If we are retired, sequitur that we do not overhear thing at work.  Donít worry, itís late here so maybe Iím reading too much into your comment

Well this is Overheard at Work thread, and whenever I click recently I get Obstetrics and Urology haha

Imma

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Re: Overheard at Work 2
« Reply #2380 on: March 02, 2020, 01:55:32 PM »
^^^^ Only if it's done as a hysterectomy. Snipping the Fallopian tubes is done via laparoscopy.

Still a general, still an overnight stay, and still an invasive surgical procedure in the abdomen. You get a small infection from this you are in a VERY different place from a man who gets a small infection from a vasectomy. People treat this stuff like it's no drama because we generally don't kill people in surgery anymore. However, that doesn't reflect the recovery and issues in recovery at all. Abdominal surgery is a big deal.

I've been told it's possible to combine this with a C-section, so that would require no extra abdominal surgery in many cases.

Of course surgery is always something to be careful about, but I don't think sterilization of the male partner is something that can ever replace sterilization of the female herself - if the woman is the one who doesn't want or medically shouldn't go through pregnancy she should have the option for permanent anticonception, not the male she is currently with.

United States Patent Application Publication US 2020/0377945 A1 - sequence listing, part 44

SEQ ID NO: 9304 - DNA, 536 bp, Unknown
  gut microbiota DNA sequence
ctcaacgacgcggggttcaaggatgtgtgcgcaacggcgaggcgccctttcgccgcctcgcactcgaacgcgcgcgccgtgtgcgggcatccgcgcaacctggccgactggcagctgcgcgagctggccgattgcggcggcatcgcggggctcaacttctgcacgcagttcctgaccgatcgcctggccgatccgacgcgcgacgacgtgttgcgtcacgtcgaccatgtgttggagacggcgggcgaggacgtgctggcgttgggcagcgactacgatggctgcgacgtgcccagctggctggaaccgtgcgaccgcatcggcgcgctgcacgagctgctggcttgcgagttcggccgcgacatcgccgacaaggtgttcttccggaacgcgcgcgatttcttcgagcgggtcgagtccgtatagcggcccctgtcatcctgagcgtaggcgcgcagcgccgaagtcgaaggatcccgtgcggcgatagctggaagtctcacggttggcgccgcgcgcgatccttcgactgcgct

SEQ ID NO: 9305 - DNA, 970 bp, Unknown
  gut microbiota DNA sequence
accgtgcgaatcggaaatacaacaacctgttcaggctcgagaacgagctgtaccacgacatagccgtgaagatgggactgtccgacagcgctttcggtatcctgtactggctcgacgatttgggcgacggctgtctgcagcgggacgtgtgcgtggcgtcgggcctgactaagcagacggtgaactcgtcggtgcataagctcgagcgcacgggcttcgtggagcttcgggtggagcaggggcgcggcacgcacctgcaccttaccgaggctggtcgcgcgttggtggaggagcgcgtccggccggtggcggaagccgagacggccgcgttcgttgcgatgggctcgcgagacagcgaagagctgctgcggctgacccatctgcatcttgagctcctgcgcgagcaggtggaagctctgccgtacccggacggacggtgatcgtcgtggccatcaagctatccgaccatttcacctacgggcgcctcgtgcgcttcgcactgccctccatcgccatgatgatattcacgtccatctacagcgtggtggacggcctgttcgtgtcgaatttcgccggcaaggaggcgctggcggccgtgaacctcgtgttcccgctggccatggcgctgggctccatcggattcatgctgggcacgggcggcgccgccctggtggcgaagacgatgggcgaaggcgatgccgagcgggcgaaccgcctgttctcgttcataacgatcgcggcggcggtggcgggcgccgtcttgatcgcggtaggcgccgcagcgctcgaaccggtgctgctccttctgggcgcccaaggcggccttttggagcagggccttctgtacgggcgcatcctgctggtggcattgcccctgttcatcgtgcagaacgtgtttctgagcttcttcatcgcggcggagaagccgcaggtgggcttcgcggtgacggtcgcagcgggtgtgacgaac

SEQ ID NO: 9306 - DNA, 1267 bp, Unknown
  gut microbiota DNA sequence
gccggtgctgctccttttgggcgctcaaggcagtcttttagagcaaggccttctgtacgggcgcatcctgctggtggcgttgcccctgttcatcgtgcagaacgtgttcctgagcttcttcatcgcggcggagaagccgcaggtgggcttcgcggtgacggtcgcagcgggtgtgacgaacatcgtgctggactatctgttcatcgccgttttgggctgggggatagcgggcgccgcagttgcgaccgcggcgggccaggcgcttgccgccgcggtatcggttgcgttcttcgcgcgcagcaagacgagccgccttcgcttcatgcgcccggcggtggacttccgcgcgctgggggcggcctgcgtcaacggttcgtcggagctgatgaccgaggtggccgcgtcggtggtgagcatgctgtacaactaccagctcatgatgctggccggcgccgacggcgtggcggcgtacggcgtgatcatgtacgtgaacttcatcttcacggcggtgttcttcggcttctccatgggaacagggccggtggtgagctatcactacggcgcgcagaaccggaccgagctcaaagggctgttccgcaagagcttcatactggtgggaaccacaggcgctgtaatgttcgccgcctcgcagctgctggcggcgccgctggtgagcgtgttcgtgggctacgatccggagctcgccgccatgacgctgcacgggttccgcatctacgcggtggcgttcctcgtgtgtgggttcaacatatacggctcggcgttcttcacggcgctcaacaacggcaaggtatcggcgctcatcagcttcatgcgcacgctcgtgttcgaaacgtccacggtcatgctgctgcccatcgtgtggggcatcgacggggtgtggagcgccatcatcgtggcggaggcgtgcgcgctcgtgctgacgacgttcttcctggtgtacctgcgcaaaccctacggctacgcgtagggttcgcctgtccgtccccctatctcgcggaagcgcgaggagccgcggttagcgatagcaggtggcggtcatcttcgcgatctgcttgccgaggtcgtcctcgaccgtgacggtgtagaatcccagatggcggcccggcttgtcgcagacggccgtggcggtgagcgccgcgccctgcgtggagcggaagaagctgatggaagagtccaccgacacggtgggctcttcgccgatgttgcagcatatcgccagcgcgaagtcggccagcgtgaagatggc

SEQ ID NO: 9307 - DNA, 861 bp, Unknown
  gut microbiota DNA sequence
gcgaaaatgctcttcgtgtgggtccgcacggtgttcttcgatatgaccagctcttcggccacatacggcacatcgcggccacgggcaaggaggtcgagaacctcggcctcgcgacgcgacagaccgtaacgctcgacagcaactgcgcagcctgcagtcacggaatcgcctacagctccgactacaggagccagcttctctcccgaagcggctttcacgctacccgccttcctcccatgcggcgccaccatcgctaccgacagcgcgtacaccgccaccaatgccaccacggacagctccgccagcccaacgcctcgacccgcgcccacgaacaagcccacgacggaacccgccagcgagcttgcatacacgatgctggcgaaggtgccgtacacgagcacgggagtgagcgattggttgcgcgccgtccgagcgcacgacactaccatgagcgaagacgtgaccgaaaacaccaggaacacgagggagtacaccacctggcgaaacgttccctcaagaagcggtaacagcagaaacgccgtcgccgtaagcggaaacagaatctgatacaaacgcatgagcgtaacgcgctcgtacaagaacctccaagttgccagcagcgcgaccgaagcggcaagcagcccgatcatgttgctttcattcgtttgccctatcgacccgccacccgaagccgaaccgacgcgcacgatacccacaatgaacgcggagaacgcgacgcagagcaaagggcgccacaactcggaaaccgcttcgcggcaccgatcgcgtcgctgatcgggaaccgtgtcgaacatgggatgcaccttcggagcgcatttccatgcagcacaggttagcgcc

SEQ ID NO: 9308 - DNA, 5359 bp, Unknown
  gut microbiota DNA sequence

I just checked the official guidelines in my country and they state that there is no randomized study available that compares the safety of female sterilization to other methods of birth control, that sterilization is generally safe and the general anesthetic is the biggest risk factor.

A C section is MASSIVE surgery. You could combine anything with it. Hell, lop a leg off and it's not that much more serious! It wasn't that long ago that C sections killed 100% of patients. Even today, although obviously the survival rate is nearly 100%, the post op is not a lot of fun for many people.
[...]